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API’s Stephanie Smith: Doing the right thing – Alabama economic prosperity without gambling

Twenty-five years ago, Alabama voters were in the midst of an intense debate over the perceived positive and negative impacts of expanding gambling in the state. The centerpiece of Don Siegelman’s 1998 gubernatorial campaign, a constitutional amendment was on the ballot in October 1999 to create a state lottery. 

Siegelman promised that the lottery would create a minimum of $150 million per year in new revenue to put towards college scholarships, a state-run Pre-K program, and to increase the technological capabilities of schools. Others promised that gambling expansion would increase economic development opportunities within the state and be a boost to Alabama’s overall economy. 

On October 12, 1999, Governor Siegelman’s lottery proposal was defeated by an 8.5% margin. 

Despite the defeat, efforts to expand gambling in Alabama continue today, with the latest proposal that would establish not only a lottery but allow Las Vegas style casino gambling and unlimited sports betting to blanket the state. Many of the same arguments that were used in 1999 are still being used today, with proponents claiming that expanded gambling could be a more than $1 billion boon to the state government every year. 

While there are numerous economic and social arguments that can be made about the perils of gambling expansion and why Alabama should reject the latest effort, Alabamians need only to focus on how much the state has improved over the last 25 years without legalized gambling to see why gambling and the myriad of problems that come with it are needed less now than ever. 

Take for instance population growth. In 1999, Alabama had a population of 4.37 million. Today, the state’s population sits at 5.11 million, an increase of nearly 17%. More than 700,000 new residents have moved to Alabama in the past 25 years. In contrast, the state of Mississippi, which has had casino-style gambling for decades and established a state lottery and legalized sports betting in 2018, has increased its population by just 6.2% since 1999.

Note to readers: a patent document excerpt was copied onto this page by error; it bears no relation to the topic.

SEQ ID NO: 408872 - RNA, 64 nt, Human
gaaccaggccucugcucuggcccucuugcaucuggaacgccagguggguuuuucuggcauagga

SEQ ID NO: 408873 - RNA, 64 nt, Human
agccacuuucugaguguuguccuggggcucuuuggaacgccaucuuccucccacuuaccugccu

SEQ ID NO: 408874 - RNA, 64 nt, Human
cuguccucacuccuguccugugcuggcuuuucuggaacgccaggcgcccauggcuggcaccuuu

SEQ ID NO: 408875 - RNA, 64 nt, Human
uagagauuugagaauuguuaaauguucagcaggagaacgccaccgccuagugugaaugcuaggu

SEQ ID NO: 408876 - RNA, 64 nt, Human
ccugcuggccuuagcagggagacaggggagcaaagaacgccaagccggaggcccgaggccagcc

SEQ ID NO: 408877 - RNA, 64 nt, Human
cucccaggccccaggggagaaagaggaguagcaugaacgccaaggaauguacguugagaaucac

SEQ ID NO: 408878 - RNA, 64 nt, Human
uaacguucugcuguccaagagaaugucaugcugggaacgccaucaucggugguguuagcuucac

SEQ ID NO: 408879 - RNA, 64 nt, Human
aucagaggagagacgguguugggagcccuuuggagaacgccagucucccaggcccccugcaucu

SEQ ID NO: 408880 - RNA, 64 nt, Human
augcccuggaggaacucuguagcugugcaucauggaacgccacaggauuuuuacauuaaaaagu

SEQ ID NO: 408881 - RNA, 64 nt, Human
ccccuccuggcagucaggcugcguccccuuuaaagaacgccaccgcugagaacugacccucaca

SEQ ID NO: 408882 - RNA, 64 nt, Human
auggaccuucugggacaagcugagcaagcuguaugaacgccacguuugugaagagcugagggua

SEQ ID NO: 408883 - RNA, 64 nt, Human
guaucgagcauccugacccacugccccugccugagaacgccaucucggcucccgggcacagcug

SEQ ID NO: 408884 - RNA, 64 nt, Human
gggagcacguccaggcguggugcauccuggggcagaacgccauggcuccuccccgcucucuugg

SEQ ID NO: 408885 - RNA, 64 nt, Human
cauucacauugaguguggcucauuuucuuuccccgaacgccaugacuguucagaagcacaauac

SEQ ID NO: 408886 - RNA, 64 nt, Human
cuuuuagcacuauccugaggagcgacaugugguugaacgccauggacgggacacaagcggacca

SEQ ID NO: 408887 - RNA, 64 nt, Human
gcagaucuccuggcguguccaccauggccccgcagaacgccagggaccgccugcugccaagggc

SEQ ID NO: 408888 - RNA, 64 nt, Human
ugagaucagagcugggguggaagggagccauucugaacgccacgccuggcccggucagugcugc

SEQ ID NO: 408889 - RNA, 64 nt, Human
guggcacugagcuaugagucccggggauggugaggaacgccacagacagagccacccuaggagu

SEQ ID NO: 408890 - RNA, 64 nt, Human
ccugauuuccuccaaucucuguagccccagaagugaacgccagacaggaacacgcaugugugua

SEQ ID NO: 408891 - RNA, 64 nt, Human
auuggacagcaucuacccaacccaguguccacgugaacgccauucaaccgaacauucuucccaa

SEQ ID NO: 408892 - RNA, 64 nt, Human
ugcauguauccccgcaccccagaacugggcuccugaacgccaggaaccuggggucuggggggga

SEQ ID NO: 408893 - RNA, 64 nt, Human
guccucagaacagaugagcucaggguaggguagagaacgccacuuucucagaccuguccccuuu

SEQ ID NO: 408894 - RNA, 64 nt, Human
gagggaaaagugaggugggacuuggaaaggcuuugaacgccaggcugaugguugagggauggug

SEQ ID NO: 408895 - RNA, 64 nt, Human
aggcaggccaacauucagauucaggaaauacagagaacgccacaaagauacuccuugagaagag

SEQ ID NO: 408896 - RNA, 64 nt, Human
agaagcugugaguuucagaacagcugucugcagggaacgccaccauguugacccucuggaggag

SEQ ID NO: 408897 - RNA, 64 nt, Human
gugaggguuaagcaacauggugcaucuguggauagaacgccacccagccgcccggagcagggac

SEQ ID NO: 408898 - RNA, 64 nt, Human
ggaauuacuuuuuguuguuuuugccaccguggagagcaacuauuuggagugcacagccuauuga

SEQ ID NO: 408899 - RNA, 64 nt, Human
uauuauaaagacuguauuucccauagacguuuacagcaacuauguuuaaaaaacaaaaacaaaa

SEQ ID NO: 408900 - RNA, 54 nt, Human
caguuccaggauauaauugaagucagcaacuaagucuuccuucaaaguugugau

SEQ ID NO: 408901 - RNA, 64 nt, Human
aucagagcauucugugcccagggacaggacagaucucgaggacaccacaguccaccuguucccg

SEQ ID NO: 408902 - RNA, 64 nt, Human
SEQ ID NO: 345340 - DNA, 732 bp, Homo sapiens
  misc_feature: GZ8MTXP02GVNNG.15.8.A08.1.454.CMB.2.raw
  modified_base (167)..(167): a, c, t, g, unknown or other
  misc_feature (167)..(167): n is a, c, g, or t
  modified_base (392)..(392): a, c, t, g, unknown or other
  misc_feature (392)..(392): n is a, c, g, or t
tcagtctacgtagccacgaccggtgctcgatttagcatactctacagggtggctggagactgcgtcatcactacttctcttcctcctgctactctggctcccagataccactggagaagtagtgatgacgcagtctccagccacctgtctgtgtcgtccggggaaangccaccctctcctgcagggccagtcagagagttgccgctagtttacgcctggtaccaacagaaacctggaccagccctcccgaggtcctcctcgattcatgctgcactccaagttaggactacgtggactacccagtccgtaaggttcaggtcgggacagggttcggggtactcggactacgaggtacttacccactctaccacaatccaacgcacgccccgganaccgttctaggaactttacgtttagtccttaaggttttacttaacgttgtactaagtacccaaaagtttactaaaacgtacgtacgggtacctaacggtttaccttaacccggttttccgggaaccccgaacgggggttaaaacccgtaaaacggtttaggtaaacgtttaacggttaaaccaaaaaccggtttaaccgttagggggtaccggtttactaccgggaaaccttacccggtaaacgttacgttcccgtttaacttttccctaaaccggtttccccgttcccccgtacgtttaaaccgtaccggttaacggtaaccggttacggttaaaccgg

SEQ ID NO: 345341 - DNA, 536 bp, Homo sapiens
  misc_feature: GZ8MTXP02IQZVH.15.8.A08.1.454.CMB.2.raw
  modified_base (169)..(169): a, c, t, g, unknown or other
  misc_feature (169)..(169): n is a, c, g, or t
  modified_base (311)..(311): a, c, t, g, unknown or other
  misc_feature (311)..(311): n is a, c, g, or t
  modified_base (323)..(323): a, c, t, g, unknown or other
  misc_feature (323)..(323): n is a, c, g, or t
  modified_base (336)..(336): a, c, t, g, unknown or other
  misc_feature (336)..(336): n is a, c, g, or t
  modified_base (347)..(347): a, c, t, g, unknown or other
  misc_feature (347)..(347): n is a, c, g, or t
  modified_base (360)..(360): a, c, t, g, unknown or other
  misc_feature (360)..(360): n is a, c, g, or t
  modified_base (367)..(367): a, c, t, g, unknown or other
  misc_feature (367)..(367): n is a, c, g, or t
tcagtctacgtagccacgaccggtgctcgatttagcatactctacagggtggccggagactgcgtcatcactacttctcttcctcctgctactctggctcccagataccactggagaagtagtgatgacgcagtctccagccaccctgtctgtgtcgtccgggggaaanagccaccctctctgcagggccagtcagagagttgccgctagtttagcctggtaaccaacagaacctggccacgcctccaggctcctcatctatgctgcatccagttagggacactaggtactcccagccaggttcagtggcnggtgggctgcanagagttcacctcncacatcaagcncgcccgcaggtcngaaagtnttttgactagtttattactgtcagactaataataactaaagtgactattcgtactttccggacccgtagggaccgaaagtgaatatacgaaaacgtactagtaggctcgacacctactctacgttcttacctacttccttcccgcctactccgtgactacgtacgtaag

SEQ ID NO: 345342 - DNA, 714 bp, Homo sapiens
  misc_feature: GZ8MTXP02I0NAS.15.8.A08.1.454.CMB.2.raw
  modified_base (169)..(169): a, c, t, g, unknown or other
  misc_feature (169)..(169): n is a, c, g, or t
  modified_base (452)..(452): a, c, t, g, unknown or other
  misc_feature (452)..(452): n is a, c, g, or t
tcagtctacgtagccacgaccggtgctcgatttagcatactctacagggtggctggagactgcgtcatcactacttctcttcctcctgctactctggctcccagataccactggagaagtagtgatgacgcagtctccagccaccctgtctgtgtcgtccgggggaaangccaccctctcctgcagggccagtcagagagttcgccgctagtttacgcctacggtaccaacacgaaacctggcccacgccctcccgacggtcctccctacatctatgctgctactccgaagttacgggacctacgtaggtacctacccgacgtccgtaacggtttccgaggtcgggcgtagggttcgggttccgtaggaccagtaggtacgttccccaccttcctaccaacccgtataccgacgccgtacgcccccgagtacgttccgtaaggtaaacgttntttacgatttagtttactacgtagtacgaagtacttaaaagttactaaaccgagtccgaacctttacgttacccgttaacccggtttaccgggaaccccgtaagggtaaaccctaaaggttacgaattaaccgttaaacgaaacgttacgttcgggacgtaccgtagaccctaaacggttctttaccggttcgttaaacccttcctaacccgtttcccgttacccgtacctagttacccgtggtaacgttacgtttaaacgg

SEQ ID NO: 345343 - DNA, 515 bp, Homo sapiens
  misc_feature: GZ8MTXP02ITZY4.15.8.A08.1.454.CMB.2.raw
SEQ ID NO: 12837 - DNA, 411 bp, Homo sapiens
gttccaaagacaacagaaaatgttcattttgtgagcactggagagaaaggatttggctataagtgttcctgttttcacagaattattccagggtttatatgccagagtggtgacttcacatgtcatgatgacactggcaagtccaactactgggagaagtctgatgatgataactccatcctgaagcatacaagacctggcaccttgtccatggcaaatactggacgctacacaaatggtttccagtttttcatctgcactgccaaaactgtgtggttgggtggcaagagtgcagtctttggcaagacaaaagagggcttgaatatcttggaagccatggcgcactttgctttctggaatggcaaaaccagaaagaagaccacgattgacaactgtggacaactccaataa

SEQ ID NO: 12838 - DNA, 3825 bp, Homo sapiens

Those moving to Alabama today find themselves in a much better situation than 25 years ago. 

In 1999 per capita income in Alabama was $22,972. In 2023, per capita income rose to $53,083. Even after adjusting for inflation, per capita income in 2023 was more than $11,200 higher than in 1999. As of December 2023, 2.3 million Alabamians were employed and the state’s unemployment rate was just 2.6%, over a point below the national average. The state has 237,000 more people working now than in 1999 and the unemployment rate is about half of what it was then.

Many of those choosing to move to Alabama in the past quarter century have done so because the state has more economic opportunities than ever before. 

Alabama is now among the top five automotive producing states in the country. Mercedes-Benz started the trend back in 1997, but since then other major automotive companies such as Hyundai, Honda, Toyota, and Mazda have moved to the state as well. Not to mention the countless number of suppliers for the industry. Just last week, Toyota announced the completion of a $222 million project to build a new engine at its Huntsville plant. Automotive manufacturing contributed $12.6 billion to Alabama’s economy in 2022 and accounted for more than $900 million in tax receipts to state and local governments.